So it is perfectly proper for full time preachers and elders to receive gifts from those they minister to.
But Paul continues to say in the same passage: “Nevertheless, we did not use this right, but we endure all things so that we will cause no hindrance to the gospel of Christ. It is true that the Lord has directed that those who proclaim the gospel should get their living from the gospel. But I have used none of these things. It would be better for me to die than to have any man make my boast an empty one. For if I preach the gospel, I have nothing to boast of, for I am under compulsion. Woe is me if I do not preach the gospel. For if I do this voluntarily, I have a reward; but if against my will, I still have a stewardship entrusted to me. What then is my reward (salary)? Just this, that, when I preach the gospel, I can offer it without charge to everyone. So I do not make use of my rights as a preacher of the gospel.”
Paul did not preach for a salary nor did he move around expecting to receive gifts from other believers. He preached because he was “compelled by his love for Christ” and because God had committed the stewardship of the gospel to him. So he wanted to proclaim the gospel freely, so that no-one would imagine that God charges people for the gospel.
So we see that the New Testament does teach that every servant of the Lord who labors in the ministry of the Lord is entitled to receive gifts for his support. But at the same time, we observe that:
(1) No-one was paid a regular monthly salary. Jesus never promised His disciples a salary. The apostles never received a salary. They trusted their heavenly Father to move people’s hearts to support them financially (as in Jesus’ case). Such a life of faith was essential for them to have power in their ministry. It also protected them from covetousness.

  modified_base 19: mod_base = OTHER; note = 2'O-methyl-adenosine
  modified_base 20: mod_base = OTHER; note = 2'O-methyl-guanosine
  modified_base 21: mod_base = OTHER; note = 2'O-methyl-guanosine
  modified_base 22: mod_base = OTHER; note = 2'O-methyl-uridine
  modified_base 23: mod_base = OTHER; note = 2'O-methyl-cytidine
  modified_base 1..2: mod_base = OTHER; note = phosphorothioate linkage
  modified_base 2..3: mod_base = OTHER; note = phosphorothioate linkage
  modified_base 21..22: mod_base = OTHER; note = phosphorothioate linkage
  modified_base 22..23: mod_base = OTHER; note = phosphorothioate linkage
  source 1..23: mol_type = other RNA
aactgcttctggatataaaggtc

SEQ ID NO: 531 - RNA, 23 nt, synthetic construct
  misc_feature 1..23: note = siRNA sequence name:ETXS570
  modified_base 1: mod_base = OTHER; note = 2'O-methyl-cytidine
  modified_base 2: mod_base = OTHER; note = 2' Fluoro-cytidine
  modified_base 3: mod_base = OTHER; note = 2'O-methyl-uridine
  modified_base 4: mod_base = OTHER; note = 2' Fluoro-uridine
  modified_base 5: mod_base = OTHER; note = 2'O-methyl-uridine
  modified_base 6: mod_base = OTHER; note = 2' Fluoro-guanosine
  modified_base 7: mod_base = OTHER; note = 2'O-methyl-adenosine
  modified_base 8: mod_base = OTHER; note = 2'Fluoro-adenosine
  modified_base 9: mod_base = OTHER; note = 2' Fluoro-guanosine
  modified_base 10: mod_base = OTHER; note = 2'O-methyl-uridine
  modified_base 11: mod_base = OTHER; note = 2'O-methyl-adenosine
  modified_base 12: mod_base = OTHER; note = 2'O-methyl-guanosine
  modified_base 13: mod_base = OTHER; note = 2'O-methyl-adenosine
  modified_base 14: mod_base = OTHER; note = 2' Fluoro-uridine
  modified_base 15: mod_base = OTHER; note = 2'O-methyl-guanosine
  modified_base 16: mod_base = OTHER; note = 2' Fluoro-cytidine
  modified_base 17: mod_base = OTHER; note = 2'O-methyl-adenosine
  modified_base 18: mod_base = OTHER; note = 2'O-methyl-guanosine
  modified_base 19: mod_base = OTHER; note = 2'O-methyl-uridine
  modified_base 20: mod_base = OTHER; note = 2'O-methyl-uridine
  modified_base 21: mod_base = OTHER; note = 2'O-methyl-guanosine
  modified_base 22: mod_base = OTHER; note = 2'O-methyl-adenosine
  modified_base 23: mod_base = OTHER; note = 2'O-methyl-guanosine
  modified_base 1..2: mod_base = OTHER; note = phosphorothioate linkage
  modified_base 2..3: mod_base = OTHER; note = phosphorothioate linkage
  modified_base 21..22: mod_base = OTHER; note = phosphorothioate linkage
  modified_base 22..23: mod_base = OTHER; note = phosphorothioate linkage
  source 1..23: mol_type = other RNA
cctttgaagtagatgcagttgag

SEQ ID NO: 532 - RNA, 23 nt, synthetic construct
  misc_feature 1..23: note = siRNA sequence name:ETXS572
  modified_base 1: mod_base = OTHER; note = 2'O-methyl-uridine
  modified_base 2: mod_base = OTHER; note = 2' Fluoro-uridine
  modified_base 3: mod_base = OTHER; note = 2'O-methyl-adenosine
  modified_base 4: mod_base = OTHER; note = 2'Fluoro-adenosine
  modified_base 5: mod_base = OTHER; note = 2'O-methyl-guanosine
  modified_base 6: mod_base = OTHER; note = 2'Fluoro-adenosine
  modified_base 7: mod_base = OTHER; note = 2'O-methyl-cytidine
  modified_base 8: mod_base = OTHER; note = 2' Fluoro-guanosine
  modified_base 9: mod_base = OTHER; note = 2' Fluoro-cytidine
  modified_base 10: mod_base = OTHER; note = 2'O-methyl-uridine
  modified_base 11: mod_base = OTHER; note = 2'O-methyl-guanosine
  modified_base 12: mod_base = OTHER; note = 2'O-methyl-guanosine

(2) In situations where Paul saw that this provision of support was being abused by preachers, he decided not to take any money at all from anyone but to support himself, in order to protect the testimony of the gospel that he was preaching. He says in 2 Cor.11:7-13 (Living): “I preached God's Good News to you without charging you anything…… Instead I ‘robbed’ other churches by taking what they sent me and using it up while I was with you so that I could serve you without cost. And when that was gone, I still didn't ask you for anything, for the Christians from Macedonia brought me another gift. I have never yet asked you for one cent, and I never will. And I will tell everyone about it! I do this because I want to cut out the ground from under the feet of those who boast that they are doing God's work in just the same way we are. God never sent those men at all; they are ‘phonies’ who have fooled you into thinking they are Christ's apostles.”
So we see that Paul did receive gifts occasionally – from the Christians in Macedonia (Philippi) who sent him money at times. But he never took any money from the Corinthian Christians (as we see above), because he wanted to demonstrate that he was different from the fake Christian preachers in Corinth.
Paul did not take any money from the Thessalonian Christians either: He says in 2 Thess.3:8-10: “We never accepted food from anyone of you without paying for it; we worked hard day and night for the money we needed to live on, in order that we would not be a burden to any of you. It wasn't that we didn't have the right to ask you to feed us, but we wanted to show you firsthand how you should work for your living”.
And Paul didn’t take any money from the Ephesian Christians. He says in Acts 20:31-35: “All these three years I was with you, I did not seek for anyone's money or clothes. You know how I worked with my own hands to support myself and the men who were with me. I showed you by working hard in this way, that we must help the weak, remembering the words of the Lord Jesus Who said, `It is more blessed to give than to receive.' "